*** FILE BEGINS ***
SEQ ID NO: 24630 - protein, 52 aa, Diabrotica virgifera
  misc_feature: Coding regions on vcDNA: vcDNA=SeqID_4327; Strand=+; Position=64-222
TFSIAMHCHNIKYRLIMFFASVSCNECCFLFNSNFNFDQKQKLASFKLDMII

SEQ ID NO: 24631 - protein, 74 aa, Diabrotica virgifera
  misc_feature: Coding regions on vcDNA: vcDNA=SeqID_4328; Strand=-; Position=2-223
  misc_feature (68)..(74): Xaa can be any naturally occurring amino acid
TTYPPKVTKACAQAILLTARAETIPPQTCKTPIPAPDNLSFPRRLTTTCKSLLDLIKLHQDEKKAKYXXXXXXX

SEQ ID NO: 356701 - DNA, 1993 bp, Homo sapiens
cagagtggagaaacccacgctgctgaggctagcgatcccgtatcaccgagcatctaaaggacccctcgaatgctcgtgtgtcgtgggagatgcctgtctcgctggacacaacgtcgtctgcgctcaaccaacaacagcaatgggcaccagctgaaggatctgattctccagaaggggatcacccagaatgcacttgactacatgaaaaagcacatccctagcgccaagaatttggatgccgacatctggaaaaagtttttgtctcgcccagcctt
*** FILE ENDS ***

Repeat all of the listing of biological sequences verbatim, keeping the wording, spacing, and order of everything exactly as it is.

SEQ ID NO: 24630 - protein, 52 aa, Diabrotica virgifera
  misc_feature: Coding regions on vcDNA: vcDNA=SeqID_4327; Strand=+; Position=64-222
TFSIAMHCHNIKYRLIMFFASVSCNECCFLFNSNFNFDQKQKLASFKLDMII

SEQ ID NO: 24631 - protein, 74 aa, Diabrotica virgifera
  misc_feature: Coding regions on vcDNA: vcDNA=SeqID_4328; Strand=-; Position=2-223
  misc_feature (68)..(74): Xaa can be any naturally occurring amino acid
TTYPPKVTKACAQAILLTARAETIPPQTCKTPIPAPDNLSFPRRLTTTCKSLLDLIKLHQDEKKAKYXXXXXXX

SEQ ID NO: 356701 - DNA, 1993 bp, Homo sapiens
cagagtggagaaacccacgctgctgaggctagcgatcccgtatcaccgagcatctaaaggacccctcgaatgctcgtgtgtcgtgggagatgcctgtctcgctggacacaacgtcgtctgcgctcaaccaacaacagcaatgggcaccagctgaaggatctgattctccagaaggggatcacccagaatgcacttgactacatgaaaaagcacatccctagcgccaagaatttggatgccgacatctggaaaaagtttttgtctcgcccagcctt